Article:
The European Union is founded on a set of common principles of democracy, the rule of law, and fundamental rights, as enshrined in Article 2 of the Treaty on the European Union. Whereas future Member States are vetted for their compliance with these values before they accede to the Union, no similar method exists to supervise adherence to these foundational principles after accession. EU history proved that this ‘Copenhagen dilemma’ was far from theoretical. EU Member State governments’ adherence to foundational EU values cannot be taken for granted. Violations may happen in individual cases, or in a systemic way, which may go as far as overthrowing the rule of law. Against this background the European Parliament initiated a Legislative Own-Initiative Report on the establishment of an EU mechanism on democracy, the rule of law and fundamental rights and proposed among others a Scoreboard on the basis of common and objective indicators by which foundational values can be measured. This Research Paper assesses the need and possibilities for the establishment of an EU Scoreboard, as well as its related social, economic, legal and political ‘costs and benefits’.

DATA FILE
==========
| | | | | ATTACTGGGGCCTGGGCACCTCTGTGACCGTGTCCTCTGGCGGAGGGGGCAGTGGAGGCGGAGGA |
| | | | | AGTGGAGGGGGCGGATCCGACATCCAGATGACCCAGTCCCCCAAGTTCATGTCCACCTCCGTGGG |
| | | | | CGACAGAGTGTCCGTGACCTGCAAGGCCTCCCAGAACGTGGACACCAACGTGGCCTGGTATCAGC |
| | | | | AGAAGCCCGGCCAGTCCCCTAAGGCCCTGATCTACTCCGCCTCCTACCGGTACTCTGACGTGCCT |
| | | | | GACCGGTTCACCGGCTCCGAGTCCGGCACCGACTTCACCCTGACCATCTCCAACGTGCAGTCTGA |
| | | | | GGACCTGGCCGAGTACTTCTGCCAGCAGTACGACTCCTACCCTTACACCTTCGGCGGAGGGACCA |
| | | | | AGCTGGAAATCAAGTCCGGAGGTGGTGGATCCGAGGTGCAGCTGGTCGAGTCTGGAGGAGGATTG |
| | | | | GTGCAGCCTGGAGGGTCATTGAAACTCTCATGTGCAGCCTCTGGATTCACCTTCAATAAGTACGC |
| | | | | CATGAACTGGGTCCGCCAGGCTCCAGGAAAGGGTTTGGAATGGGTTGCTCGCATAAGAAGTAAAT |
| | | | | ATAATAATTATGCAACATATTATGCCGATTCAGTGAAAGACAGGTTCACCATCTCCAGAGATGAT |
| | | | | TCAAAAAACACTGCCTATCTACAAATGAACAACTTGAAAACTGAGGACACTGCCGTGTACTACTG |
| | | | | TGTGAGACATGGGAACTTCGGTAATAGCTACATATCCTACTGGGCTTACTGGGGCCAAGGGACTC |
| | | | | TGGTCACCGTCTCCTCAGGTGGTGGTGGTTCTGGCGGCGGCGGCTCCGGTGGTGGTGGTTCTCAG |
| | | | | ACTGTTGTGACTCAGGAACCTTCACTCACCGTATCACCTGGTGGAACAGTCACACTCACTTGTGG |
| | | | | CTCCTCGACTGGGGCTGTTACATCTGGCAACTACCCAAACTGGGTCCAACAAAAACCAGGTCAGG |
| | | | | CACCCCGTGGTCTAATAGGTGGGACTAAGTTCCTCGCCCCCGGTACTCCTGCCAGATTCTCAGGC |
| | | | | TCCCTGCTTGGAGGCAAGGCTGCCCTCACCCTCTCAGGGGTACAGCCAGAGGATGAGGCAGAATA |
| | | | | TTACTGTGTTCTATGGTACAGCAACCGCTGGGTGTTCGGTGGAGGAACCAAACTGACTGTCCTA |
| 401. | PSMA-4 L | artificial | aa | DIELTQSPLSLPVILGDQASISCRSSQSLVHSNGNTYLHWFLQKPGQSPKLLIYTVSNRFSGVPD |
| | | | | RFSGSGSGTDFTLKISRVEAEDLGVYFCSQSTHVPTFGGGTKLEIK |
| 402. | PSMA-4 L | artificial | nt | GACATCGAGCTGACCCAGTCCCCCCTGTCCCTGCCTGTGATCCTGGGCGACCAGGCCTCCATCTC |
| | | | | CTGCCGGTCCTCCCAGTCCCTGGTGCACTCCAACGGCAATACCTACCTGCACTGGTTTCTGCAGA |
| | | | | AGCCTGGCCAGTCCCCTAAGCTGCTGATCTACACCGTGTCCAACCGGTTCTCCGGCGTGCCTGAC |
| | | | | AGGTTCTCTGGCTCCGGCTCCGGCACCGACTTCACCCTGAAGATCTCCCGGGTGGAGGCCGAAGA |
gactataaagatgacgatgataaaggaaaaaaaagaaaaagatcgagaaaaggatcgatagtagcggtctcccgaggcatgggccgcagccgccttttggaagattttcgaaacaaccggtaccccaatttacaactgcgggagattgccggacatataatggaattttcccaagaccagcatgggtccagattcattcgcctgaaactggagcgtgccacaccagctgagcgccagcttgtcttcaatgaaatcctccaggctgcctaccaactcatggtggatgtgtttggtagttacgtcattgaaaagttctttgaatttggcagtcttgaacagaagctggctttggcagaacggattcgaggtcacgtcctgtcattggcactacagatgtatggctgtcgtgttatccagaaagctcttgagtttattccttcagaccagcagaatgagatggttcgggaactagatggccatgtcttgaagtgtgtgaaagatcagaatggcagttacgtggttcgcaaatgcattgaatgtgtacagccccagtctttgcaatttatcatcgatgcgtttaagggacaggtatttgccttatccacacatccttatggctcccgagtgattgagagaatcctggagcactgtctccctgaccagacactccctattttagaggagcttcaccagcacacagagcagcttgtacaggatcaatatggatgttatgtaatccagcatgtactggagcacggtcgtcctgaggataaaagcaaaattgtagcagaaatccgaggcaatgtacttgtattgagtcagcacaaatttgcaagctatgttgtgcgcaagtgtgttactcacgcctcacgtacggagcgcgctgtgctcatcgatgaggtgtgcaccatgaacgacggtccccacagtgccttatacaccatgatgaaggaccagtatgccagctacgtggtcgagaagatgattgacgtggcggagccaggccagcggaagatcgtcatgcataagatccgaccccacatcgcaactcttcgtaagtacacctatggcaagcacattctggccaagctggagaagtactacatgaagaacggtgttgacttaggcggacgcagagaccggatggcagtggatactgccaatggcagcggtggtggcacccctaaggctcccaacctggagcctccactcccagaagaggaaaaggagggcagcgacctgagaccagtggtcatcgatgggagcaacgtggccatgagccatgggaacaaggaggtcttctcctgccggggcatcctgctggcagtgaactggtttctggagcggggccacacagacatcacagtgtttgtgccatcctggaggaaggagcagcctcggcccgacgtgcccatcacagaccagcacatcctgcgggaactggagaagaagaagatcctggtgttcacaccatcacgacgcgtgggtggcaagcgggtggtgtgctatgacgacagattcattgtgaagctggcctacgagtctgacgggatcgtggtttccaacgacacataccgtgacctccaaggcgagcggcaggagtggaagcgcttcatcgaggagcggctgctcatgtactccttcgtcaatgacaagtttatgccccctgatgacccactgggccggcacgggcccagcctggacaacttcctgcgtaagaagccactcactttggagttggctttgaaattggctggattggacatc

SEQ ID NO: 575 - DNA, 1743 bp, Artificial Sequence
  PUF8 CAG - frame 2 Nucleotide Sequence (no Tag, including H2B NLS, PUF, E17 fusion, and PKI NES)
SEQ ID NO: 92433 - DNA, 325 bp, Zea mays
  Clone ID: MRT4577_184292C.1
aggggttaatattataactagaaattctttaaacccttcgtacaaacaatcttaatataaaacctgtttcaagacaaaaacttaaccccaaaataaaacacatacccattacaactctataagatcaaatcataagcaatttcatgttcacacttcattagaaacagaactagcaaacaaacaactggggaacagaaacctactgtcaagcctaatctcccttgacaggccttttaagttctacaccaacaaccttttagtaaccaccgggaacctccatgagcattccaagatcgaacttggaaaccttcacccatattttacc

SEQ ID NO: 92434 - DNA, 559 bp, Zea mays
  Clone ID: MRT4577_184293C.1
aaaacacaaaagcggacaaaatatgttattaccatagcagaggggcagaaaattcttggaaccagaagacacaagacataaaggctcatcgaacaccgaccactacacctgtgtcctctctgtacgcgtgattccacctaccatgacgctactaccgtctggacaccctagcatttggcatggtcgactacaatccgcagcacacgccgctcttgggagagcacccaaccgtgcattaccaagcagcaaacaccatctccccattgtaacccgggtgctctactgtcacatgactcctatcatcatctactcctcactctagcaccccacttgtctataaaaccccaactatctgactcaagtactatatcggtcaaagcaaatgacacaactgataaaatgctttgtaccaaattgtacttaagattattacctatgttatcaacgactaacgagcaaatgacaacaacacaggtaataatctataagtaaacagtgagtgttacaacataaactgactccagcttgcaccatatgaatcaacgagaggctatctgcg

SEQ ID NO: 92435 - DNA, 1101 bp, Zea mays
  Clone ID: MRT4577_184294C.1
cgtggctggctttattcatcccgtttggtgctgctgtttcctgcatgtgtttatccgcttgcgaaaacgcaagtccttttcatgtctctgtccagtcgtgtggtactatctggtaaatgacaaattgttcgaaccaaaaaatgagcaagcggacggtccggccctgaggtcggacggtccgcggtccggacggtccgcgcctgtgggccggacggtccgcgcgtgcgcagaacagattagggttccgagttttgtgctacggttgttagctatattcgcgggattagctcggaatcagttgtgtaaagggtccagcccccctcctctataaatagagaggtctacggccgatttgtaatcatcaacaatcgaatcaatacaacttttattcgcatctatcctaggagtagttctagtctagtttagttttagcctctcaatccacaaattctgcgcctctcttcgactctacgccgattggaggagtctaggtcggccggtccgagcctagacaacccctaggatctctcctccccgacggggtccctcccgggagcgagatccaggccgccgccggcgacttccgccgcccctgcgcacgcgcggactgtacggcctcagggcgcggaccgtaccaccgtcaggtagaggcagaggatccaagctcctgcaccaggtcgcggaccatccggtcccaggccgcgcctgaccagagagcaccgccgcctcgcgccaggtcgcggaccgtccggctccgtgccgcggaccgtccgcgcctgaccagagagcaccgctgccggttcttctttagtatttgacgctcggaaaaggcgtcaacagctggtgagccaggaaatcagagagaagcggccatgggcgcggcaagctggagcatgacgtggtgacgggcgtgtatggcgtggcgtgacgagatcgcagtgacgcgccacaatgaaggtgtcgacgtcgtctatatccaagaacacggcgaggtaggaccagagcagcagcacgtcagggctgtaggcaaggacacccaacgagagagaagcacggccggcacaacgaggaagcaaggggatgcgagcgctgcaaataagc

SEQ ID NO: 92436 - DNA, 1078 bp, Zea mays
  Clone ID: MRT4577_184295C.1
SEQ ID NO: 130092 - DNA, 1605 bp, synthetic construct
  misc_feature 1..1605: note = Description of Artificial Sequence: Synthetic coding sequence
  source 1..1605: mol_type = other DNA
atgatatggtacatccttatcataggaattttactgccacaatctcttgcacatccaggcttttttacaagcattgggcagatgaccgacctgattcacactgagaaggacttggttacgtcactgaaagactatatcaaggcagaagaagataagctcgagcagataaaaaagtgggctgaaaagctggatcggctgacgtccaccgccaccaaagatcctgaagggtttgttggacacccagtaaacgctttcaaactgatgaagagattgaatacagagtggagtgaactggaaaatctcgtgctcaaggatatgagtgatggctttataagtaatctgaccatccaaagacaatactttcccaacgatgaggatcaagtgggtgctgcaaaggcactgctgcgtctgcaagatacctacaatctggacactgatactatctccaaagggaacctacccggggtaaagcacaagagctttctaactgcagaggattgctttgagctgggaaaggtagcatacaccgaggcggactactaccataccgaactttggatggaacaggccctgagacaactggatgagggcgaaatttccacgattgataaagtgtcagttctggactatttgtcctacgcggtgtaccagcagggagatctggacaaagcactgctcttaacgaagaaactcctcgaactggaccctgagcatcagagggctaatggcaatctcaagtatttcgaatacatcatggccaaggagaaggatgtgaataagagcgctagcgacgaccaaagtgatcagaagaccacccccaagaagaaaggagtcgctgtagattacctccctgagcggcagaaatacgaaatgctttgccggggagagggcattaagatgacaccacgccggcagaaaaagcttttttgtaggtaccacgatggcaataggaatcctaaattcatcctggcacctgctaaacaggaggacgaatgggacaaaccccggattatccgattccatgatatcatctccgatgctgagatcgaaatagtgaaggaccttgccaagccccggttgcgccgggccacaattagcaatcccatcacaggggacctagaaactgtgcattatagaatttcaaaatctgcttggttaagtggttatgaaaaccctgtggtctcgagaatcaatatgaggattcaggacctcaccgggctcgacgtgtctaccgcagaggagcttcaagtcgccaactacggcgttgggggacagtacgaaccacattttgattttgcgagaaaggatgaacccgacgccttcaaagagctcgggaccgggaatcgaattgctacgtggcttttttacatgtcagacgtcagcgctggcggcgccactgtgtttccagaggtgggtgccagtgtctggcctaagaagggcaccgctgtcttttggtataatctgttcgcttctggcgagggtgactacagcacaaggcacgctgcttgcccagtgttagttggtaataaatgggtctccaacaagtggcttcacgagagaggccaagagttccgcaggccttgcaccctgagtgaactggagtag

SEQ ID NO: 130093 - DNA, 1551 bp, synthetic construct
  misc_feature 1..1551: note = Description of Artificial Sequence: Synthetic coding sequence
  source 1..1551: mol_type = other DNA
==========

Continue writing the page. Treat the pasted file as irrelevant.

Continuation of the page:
This project was awarded under the Framework Contract for provision of external expertise in the fields of impact assessment and European added value: Civil Liberties, Justice and Home Affairs, Women’s Rights and Petitions (Lot 6) (IP/G/ALL/FAC/2013-002/Lot 6/C5) with the European Parliament, DG for Internal Policies of the Union. The full list of CEPS’ Framework Contracts is available here.